of opportunity and strength."
There is truth in Friedan's statement, but I find a lot of effort is necessary when addressing opportunity, and strength isn't a reservoir easily accessed but a resource which requires some mining. Aging commands a whole new skill set and, at times, I mourn the simplicity of youth.
Yesterday, while sitting in the living room, staring out the north windows after reading the morning paper, I noticed three children walking down the sidewalk on their way to the bus stop. Driving down the street behind them was a garbage truck stopping every now and then to collect the garbage neighbors had set out on the parking.
As the garbage truck stopped at the driveway the children had just crossed, they all stopped, turned, and walked back to the driveway and watched as the newly collected garbage was being tossed into the back of the truck.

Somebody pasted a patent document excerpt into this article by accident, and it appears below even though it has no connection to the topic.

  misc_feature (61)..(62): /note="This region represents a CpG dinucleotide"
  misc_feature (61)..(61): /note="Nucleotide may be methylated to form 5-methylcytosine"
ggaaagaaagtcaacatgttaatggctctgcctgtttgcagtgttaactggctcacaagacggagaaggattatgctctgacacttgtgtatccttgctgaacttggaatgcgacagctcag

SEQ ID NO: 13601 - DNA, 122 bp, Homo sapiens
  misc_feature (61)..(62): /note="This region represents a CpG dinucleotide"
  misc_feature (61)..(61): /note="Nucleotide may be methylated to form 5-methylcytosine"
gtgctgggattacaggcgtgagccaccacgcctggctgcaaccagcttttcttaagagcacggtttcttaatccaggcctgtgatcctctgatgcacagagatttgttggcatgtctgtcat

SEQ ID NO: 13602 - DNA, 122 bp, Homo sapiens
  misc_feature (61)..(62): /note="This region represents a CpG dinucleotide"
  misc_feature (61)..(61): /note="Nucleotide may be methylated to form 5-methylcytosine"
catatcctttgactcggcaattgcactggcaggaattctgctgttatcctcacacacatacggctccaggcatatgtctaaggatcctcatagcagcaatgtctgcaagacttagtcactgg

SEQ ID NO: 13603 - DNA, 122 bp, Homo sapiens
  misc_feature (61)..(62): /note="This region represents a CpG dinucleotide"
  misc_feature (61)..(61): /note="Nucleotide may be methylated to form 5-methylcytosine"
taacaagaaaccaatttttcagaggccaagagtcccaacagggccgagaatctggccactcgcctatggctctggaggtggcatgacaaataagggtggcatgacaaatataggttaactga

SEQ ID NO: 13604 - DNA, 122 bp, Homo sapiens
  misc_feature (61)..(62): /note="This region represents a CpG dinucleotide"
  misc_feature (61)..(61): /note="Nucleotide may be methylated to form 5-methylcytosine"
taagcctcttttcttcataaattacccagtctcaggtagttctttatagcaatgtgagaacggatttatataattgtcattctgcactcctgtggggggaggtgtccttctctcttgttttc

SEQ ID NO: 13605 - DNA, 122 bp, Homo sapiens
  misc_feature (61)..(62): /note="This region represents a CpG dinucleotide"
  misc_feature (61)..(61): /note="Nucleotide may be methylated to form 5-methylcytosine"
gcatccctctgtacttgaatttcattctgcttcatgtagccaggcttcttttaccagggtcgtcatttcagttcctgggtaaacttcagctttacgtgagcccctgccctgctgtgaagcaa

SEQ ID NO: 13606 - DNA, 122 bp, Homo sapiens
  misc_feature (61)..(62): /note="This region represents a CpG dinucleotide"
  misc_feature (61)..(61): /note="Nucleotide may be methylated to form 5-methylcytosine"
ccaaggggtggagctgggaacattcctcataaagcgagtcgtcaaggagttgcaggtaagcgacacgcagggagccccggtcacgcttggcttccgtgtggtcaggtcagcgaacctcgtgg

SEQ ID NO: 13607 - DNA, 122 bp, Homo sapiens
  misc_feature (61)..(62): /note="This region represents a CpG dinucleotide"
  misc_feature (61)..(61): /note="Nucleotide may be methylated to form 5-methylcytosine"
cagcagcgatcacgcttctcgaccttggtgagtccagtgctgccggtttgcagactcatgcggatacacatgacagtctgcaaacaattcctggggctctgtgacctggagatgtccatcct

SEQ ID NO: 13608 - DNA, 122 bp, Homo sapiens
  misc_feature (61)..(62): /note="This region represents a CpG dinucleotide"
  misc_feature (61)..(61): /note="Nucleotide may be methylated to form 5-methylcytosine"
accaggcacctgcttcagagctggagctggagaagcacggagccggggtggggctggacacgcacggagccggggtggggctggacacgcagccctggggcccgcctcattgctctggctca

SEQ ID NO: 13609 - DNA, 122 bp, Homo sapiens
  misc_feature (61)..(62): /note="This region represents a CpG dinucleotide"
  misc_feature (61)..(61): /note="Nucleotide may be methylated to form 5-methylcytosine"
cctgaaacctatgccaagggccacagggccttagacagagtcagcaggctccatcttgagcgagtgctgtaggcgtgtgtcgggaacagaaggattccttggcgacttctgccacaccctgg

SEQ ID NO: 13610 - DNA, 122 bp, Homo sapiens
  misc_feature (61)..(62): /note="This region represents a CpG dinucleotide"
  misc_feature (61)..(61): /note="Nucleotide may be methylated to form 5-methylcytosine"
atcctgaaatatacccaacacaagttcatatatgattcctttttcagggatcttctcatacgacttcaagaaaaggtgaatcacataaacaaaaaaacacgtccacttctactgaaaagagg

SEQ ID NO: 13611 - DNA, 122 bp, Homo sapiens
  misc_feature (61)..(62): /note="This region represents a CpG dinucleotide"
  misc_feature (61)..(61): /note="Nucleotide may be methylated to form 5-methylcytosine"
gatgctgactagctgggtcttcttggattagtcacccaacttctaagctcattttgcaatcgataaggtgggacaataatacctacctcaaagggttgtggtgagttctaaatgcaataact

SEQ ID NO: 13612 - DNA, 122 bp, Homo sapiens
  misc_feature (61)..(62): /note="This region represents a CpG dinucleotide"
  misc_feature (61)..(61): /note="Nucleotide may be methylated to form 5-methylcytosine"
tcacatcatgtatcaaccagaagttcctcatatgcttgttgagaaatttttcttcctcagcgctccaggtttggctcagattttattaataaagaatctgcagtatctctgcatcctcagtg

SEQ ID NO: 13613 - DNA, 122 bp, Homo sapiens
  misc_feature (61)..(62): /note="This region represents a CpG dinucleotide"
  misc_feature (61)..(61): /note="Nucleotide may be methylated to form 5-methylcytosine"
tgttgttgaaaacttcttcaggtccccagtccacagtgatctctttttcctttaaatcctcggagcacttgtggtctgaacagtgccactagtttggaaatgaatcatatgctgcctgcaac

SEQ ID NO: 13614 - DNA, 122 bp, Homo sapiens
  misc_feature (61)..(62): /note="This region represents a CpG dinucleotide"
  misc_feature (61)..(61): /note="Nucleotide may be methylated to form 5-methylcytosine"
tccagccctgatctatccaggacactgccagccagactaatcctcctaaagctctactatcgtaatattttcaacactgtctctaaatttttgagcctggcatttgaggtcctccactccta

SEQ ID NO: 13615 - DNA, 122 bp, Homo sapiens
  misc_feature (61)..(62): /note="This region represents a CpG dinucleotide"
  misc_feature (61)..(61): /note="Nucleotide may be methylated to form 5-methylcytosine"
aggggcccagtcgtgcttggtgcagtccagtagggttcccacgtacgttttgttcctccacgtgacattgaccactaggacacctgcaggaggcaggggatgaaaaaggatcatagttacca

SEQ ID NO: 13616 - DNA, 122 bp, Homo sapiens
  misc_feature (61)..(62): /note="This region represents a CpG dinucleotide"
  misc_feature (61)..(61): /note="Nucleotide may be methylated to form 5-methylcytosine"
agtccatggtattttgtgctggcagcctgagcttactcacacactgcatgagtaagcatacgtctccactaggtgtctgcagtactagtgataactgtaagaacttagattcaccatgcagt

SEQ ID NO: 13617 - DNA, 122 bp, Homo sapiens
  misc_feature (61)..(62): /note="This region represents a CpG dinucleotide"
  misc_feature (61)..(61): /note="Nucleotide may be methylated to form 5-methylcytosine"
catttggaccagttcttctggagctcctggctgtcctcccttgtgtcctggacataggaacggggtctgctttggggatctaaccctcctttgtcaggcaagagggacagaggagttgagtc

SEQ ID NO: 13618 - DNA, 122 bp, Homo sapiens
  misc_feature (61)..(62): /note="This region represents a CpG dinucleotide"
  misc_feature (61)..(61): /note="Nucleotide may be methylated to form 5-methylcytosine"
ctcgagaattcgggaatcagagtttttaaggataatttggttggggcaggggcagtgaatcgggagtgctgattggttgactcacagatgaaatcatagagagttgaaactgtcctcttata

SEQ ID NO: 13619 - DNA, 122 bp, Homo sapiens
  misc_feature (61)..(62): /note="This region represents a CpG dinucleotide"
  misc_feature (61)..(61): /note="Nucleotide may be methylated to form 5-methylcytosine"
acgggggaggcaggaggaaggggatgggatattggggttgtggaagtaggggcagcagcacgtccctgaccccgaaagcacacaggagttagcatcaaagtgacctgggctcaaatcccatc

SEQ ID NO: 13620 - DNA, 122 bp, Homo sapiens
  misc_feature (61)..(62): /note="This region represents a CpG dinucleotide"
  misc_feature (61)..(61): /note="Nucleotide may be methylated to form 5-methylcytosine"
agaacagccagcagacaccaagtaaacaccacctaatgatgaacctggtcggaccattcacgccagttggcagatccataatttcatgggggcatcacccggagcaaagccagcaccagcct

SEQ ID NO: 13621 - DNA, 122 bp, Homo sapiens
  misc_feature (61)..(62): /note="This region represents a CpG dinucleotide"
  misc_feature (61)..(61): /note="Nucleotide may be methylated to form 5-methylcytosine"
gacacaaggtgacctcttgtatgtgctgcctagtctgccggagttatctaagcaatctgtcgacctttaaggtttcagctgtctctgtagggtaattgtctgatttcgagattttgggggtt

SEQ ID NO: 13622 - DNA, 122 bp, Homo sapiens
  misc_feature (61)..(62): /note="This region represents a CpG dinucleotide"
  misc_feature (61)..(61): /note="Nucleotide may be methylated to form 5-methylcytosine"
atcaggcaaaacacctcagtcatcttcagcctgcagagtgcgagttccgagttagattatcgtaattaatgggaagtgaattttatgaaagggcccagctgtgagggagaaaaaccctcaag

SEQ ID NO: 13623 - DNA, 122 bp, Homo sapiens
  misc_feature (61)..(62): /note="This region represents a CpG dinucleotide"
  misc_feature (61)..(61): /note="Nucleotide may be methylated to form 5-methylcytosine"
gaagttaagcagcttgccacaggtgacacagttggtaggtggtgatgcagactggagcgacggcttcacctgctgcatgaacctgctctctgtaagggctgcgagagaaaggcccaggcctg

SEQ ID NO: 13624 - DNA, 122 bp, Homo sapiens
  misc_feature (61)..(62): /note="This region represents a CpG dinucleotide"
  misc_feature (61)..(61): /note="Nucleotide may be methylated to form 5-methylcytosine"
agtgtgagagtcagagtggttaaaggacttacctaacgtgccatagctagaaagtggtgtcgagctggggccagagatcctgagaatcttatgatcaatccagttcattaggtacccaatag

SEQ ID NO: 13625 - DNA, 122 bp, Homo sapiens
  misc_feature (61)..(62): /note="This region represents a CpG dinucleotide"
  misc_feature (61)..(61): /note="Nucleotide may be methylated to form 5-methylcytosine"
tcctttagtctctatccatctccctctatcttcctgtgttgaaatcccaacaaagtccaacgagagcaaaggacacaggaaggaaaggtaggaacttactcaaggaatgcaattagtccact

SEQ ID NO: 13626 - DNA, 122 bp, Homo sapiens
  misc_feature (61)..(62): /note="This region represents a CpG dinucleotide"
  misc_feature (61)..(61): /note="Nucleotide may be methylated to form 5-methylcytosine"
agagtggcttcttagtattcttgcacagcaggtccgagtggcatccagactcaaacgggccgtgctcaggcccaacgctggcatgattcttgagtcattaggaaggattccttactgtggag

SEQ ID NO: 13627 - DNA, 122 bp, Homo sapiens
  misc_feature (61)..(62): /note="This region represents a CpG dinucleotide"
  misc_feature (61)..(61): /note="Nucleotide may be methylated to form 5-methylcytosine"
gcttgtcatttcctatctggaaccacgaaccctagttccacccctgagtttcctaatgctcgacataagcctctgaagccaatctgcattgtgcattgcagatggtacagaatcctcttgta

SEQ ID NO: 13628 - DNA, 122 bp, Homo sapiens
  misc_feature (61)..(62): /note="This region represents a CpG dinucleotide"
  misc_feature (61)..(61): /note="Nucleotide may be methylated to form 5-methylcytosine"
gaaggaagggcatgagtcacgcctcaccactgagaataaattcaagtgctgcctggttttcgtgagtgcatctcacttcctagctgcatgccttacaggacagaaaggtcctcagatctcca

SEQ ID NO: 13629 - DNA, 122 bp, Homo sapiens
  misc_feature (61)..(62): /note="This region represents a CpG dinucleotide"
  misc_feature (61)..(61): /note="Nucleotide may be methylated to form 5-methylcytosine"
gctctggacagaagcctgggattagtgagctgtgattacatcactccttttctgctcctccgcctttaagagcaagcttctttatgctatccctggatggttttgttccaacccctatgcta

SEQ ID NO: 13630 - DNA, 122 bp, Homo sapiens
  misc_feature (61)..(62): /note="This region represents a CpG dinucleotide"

Not stepping off the sidewalk and in symphonic unison, they all leaned closer to watch the truck's jaws chew boxes and spent banana peels and black garbage bags in preparation for deposit at the local landfill.
I confess, I couldn't really see the mechanics of the truck's operation, but that's what I envisioned while watching the children in their statuesque pose watching the garbage disappear into the belly of the truck.
The truck drove off, the mesmerizing moment evaporated, and the children continued on their journey to the bus stop.
All because of a garbage truck - a routine vehicle on its weekly rounds participating in an event adults usually ignore.
Youth's fascination with the ordinary - I'd like to bottle it and introduce it to the adult world.